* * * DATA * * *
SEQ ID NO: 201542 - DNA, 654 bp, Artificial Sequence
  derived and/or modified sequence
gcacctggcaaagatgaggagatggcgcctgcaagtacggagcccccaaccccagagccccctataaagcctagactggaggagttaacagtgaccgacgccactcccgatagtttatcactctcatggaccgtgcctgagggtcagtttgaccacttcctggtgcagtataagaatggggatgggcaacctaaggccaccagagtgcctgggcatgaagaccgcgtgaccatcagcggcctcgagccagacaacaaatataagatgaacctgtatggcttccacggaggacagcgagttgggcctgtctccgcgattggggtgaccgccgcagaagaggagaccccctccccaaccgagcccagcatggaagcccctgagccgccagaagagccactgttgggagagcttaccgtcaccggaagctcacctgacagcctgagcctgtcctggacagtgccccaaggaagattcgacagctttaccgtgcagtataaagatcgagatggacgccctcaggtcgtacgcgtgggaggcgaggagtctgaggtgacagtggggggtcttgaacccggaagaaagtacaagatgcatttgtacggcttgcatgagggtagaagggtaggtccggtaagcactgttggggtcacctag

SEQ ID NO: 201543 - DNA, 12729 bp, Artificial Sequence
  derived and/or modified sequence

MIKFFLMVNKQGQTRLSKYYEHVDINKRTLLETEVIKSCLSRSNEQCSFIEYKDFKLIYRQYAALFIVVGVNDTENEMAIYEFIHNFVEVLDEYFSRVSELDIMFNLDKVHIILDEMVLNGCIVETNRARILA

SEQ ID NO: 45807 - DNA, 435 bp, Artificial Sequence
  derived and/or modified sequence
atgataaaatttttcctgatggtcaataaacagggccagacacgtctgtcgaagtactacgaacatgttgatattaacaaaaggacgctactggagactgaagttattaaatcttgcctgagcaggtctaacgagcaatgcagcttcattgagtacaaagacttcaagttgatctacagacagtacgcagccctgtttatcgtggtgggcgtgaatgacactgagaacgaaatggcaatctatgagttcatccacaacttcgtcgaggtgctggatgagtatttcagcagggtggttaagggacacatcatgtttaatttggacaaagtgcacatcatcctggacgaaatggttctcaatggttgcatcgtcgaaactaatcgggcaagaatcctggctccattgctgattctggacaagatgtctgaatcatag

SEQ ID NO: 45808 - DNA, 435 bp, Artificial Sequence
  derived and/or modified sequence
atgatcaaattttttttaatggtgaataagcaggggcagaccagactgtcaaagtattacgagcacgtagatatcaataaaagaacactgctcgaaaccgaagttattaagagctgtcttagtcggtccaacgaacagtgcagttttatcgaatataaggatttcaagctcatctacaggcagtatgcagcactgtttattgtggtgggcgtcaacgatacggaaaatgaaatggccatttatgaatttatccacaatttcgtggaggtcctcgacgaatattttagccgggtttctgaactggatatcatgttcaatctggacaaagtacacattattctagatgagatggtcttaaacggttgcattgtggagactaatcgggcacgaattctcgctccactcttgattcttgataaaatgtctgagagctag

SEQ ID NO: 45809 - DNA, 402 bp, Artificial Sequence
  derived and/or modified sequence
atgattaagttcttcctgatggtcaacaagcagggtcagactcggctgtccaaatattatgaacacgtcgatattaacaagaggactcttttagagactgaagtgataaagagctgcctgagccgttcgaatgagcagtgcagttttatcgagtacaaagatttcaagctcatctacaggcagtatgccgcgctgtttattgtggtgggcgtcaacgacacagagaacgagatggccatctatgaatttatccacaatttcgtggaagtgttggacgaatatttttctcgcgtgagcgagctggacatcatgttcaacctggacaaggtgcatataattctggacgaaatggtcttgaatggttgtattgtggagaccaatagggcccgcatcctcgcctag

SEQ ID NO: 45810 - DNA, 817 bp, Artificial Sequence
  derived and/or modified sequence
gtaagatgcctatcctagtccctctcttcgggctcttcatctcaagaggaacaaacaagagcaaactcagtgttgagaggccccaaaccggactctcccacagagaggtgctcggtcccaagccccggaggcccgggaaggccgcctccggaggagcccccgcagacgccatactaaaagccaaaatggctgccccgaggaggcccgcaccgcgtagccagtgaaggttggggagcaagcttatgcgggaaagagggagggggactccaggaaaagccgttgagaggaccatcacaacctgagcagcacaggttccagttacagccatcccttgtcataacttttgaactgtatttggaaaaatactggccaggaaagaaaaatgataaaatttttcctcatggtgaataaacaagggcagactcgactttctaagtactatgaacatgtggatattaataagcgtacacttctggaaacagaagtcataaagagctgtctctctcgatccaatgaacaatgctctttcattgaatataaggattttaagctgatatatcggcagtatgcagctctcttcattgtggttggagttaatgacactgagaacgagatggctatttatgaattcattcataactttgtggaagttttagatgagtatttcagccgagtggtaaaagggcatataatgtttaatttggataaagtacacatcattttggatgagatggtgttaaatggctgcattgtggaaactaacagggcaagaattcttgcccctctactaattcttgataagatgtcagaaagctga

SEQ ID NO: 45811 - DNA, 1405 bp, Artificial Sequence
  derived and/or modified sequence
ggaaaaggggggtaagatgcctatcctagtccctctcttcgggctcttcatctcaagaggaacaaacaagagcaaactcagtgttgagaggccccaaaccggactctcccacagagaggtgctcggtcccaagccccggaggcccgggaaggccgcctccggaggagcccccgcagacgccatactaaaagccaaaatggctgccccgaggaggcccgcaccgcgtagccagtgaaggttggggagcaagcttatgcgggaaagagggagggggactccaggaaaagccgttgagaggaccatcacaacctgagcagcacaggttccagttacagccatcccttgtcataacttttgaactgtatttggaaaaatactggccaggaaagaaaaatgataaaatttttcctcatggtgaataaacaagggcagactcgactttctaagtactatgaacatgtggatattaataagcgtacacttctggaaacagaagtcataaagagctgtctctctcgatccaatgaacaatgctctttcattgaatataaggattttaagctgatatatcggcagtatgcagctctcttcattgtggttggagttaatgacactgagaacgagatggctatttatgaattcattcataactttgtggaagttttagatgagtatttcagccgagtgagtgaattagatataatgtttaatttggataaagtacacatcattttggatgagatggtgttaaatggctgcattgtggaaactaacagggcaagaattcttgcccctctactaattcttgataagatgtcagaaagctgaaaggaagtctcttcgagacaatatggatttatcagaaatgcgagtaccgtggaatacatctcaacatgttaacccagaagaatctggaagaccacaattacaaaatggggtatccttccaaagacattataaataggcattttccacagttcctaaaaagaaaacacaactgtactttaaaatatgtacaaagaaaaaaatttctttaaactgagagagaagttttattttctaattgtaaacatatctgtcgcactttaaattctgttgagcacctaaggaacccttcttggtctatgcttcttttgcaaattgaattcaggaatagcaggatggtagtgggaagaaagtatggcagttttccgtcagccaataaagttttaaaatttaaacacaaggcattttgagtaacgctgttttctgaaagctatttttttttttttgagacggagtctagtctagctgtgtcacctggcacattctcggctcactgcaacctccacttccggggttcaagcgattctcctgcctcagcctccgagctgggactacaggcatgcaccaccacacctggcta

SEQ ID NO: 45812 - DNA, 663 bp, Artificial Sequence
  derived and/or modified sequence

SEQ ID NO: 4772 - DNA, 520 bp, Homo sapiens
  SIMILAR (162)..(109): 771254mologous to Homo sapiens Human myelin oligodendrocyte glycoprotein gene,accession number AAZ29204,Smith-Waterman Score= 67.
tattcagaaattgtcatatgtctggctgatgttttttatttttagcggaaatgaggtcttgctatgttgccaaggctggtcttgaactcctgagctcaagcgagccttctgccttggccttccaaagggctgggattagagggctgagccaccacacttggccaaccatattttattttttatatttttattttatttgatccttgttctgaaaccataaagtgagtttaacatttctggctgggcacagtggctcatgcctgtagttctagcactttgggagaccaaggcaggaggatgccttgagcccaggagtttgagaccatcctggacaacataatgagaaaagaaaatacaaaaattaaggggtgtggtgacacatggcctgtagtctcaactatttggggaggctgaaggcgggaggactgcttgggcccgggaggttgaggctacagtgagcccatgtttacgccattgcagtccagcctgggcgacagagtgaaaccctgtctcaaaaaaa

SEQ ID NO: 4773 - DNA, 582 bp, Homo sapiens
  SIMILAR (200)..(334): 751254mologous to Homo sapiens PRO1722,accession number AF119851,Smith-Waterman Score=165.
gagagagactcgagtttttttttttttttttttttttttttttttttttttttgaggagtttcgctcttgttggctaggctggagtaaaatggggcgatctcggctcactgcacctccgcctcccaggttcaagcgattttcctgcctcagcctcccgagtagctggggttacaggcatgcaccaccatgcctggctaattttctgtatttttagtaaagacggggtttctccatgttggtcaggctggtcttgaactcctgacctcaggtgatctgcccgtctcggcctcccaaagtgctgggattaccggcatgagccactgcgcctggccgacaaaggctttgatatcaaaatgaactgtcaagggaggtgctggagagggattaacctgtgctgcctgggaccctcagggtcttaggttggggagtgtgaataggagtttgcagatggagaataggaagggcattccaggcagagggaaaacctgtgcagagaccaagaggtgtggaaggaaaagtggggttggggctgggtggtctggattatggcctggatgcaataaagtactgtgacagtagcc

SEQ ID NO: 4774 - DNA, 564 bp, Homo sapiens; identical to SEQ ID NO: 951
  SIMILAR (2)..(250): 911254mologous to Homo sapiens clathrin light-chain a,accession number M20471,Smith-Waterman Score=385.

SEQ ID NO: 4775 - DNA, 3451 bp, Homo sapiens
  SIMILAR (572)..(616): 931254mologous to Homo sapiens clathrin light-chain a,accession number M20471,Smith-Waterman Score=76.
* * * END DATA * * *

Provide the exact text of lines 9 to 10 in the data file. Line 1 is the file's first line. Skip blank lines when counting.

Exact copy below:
atgataaaatttttcctgatggtcaataaacagggccagacacgtctgtcgaagtactacgaacatgttgatattaacaaaaggacgctactggagactgaagttattaaatcttgcctgagcaggtctaacgagcaatgcagcttcattgagtacaaagacttcaagttgatctacagacagtacgcagccctgtttatcgtggtgggcgtgaatgacactgagaacgaaatggcaatctatgagttcatccacaacttcgtcgaggtgctggatgagtatttcagcagggtggttaagggacacatcatgtttaatttggacaaagtgcacatcatcctggacgaaatggttctcaatggttgcatcgtcgaaactaatcgggcaagaatcctggctccattgctgattctggacaagatgtctgaatcatag

SEQ ID NO: 45808 - DNA, 435 bp, Artificial Sequence